Syrian-Iraqi Lifeline Border Crossing Reopens

After a long list of hurdles, complications and six years of its closure, Syria and Iraq have officially reopened the Boukamal-Qa’im border crossing between the two countries today. The lifeline gateway had been closed down by ISIS terrorists who controlled the border area before they were conclusively kicked out by the SAA units and Kurdish militias some two years ago. A deal was struck with the Kurds whose insistence to hoist their flag was utterly rejected by the Syrian government. The national flags of Syria and Iraq are now flying high over the border point open to free movement of trade, transport and individuals for the first time in over six years.

The reopening ceremony followed completion of all necessary preparations and measures in the eastern part of the Syrian province of Deir Ezzor which was liberated from ISIS by the Syrian army just over two years ago, after years of almost daily battles with terrorists in the area. The gateway is set to be the main crossing point between Iraq and Syria, trying hard to come back to life given the tight sanctions and boycott imposed by the US and its allies. The US administration has exerted tremendous pressures on the Iraqi government to prevent the reopening of this strategic border crossing, causing many delays that had to be overcome.

Two days ago, the Iraqi government endorsed the reopening of the border crossing with Syria after all necessary arrangements were put in place. The city of Boukamal and its suburbs was liberated by Syrian army units on 19 October 2017 after wiping out the last ISIS hotbeds in the region. Cutting the ribbon jointly with his Iraqi counterpart at the inauguration ceremony today, the Syrian Minister of Interior Major General Muhammad Rahmoun highlighted the significance of the vent for bilateral as well as regional trade and transportation activities. Hammoud praised both the ” heroic Iraqi and Syrian armies and their affiliates, without whose great victory over terrorists, ISIS in particular, and their sacrifices in the war, this achievement would have never materialized”.

Breaking the Land Transportation Deadlock

The importance of today’s event reaches far beyond bilateral Syrian-Iraqi trade exchanges and traffic movement; the Boukamal crossing point represents a lifeline route that extends from Lebanon, via Syria and Iraq, all the way to Iran. Hence the US objection to the move which Washington believes shall undermine US-led sanctions and tightening pressures on both Tehran and Damascus. Washington views this border opening as Tehran’s land causeway to the Mediterranean, and therefore, had to remain blocked. Hence, Iranian officials, along with their Syrian and Iraqi partners, should, and rightfully so, be raising their glasses to the occasion.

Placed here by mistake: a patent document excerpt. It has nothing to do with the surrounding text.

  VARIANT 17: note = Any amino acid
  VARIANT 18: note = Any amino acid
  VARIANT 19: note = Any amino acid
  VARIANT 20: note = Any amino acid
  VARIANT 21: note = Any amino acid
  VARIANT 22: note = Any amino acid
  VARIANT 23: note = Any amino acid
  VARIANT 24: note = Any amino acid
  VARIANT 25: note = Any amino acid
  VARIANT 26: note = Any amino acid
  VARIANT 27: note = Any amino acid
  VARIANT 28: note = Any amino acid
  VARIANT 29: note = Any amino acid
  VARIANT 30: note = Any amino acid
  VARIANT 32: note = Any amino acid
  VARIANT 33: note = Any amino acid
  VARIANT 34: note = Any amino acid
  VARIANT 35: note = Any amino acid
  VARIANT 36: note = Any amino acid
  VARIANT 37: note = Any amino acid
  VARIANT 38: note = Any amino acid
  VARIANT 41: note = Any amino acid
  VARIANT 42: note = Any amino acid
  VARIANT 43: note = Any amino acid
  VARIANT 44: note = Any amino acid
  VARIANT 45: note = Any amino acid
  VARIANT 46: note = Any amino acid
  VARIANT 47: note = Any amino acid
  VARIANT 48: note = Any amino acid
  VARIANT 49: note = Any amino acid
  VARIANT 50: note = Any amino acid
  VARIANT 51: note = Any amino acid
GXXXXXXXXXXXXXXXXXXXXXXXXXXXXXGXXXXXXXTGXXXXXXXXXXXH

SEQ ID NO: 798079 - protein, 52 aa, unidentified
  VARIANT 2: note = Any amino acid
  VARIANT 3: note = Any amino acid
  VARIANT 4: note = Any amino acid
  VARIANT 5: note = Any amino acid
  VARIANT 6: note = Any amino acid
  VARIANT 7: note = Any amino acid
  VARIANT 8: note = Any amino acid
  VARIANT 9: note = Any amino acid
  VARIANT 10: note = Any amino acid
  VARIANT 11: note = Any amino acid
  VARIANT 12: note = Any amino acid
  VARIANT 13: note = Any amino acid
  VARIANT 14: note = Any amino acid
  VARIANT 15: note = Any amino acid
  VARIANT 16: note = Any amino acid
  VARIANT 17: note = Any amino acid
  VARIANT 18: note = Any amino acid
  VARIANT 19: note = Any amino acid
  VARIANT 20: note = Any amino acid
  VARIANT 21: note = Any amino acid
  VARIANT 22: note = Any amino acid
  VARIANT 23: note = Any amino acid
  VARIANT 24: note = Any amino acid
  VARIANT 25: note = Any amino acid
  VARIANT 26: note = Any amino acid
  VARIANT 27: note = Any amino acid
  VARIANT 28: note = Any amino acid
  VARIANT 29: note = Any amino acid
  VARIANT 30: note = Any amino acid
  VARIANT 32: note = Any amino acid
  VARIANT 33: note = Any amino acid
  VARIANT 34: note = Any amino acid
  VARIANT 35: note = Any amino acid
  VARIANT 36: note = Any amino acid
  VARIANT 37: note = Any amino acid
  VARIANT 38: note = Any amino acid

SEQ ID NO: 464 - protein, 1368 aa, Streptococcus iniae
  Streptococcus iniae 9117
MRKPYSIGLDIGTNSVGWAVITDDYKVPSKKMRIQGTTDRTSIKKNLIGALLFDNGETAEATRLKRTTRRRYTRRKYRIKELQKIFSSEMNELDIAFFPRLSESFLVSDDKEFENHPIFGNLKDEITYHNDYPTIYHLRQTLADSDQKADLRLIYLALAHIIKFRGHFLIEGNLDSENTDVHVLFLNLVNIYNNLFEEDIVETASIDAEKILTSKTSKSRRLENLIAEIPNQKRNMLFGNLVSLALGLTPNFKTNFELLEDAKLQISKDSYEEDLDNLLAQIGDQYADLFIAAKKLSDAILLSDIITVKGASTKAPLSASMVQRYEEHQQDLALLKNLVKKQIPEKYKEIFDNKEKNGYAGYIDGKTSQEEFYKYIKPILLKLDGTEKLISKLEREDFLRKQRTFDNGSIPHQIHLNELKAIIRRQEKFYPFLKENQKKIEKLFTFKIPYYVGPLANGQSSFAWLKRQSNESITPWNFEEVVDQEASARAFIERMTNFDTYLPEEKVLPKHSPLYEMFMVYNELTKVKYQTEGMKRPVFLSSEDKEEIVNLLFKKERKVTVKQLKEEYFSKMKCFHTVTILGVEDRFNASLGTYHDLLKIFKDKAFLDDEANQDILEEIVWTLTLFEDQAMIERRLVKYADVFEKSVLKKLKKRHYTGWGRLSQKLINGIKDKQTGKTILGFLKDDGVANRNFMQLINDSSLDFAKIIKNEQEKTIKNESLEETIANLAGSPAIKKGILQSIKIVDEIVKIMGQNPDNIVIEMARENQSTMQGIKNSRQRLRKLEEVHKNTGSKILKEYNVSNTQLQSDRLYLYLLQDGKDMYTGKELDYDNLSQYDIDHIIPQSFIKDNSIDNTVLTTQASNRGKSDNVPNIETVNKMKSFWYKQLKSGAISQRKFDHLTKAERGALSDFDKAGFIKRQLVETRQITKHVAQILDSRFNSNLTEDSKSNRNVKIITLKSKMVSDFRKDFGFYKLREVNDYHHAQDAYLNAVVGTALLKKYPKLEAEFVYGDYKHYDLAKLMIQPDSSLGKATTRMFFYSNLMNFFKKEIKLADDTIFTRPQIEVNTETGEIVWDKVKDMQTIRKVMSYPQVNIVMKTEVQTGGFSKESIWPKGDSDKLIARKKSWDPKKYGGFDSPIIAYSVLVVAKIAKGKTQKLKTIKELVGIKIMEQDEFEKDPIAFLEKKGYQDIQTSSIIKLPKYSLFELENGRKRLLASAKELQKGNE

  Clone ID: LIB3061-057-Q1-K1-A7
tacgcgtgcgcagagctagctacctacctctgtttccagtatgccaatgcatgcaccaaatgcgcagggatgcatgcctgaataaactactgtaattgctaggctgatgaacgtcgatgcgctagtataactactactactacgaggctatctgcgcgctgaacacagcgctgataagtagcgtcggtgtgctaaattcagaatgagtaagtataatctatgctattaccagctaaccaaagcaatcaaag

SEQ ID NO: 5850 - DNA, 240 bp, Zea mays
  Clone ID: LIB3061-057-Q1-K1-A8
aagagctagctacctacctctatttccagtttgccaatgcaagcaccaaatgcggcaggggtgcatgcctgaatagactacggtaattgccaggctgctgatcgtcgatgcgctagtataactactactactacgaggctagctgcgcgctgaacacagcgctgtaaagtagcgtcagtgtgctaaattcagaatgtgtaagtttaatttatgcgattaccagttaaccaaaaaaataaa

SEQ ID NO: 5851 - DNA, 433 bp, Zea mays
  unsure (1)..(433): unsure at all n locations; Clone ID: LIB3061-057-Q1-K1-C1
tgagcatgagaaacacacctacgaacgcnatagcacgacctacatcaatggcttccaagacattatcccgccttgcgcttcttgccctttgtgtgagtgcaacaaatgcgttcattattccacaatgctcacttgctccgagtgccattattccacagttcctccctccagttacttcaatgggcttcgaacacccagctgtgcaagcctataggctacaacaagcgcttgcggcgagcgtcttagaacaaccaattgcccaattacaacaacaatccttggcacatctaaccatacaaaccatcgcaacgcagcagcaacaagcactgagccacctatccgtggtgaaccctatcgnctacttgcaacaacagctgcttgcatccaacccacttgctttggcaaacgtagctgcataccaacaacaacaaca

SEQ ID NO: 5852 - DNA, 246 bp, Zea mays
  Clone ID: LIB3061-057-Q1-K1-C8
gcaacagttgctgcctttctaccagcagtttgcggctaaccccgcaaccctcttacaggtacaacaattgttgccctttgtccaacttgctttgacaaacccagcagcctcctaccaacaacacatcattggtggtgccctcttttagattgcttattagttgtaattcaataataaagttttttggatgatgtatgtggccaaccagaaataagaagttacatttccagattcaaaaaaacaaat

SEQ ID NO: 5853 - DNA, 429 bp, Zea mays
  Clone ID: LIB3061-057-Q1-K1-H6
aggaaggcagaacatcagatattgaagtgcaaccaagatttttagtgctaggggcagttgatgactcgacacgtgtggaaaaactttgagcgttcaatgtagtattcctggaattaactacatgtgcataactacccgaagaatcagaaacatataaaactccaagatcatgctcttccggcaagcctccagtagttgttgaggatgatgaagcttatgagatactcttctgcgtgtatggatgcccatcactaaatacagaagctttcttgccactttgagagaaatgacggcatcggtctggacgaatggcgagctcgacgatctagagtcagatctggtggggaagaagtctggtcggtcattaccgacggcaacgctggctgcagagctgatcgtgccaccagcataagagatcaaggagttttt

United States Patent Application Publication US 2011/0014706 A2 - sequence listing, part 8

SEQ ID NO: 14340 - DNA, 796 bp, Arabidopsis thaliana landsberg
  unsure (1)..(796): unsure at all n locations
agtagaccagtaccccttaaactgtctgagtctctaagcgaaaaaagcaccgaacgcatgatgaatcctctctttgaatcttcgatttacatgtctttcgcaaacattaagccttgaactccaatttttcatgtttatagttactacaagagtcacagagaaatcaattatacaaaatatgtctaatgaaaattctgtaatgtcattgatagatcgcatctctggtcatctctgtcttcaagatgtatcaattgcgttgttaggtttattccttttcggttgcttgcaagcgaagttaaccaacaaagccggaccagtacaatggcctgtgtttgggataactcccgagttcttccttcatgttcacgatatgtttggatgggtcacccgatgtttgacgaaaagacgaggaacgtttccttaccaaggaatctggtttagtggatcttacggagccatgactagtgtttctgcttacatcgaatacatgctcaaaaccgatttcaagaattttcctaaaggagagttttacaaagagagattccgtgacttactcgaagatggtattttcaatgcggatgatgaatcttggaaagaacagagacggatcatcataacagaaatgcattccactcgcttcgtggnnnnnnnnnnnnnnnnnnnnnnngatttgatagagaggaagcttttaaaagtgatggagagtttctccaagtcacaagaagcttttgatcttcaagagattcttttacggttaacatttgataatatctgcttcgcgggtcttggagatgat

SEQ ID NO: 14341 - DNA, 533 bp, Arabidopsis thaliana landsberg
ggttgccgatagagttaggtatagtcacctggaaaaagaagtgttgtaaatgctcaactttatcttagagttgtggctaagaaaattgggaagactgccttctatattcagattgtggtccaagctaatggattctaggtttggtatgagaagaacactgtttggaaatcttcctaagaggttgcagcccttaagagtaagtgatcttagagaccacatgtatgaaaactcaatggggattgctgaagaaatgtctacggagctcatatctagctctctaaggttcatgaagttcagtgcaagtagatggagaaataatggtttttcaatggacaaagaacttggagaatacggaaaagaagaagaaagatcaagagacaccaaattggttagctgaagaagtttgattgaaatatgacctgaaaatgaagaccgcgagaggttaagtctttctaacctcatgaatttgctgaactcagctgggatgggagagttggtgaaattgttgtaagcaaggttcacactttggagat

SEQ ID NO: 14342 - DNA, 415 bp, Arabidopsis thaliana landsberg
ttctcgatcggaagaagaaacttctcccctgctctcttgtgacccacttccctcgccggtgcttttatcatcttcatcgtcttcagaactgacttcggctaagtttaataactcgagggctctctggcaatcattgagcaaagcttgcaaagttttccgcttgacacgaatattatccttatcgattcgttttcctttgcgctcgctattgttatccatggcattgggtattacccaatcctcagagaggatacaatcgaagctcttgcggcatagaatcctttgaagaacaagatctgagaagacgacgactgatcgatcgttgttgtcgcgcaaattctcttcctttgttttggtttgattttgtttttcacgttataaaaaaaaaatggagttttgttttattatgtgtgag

Syria’s economy, badly damaged by the 9 years of unabated war, has been further crippled by sanctions aggravated by the closure of border crossings with Iraq to the east, and previously with Jordan to the south. Borders with Lebanon were Syria’s only open breathing outlet for much of the conflict’s years. Today’s achievement will undoubtedly help Damascus break this suffocating deadlock.  Out of the three main border crossing points with Iraq, this is the most important one.

Before the war broke out in 2011, Syrian public and private sectors had been providing Iraq with most of its badly needed supplies; a trade balance worth an average 3 billion US dollars annually. Given the now reopened route to Tehran, the Syrian economy is expected to benefit tremendously. In addition, the move is anticipated to help in easing up the enduring fuel crisis which has hit Syrians bad for the past few years. Millions of Iraqis and Iranians perform regular multi-million US dollars’ worth of religious tourism to some of the holiest Shiite shrines located in Syria, most notably to Sayyida Zaynab, mother of Al Hassan and Al Hussein, daughter of Ali Bin Abi Talib and  Fatimah; the prophet Muhammad was Zaynab’s maternal grandfather and therefore she is a member of his Bayt.

Way Out of the Bottleneck

Severely struck by almost a decade of war and decades of alternative US-led sanctions, the Syrian ailing economy need to explore and exploit any potential avenue and chance for gradual recovery out of the bottleneck situation it has been put in. Last year, Syria’s economy hit the second-worst record trade deficit figure of 7 billion USD, compared with a deficit of 5.4 billion USD in 2017.

To comprehend the impact of sanctions and cost of conflict, all one needs is to compare the above- mentioned deficit data, with a mere 262.2 million USD in 2010, just one year before the war broke out with devastating consequences on Syria’s economy. Recovery from these dire straits requires ingenious planning and drastic measures and shall be long and painful for a population that has already put up with tremendous hardships and has had enough with the woes of the war.

The Syrian government has long decided to head East, signing several trade and cooperation agreements with countries like China, Russia, India, Pakistan among others. Whether such endeavors will make up for Syria’s already modest trade exchanges with the west, and help revamp its suffering economy, remains anybody’s wild guess.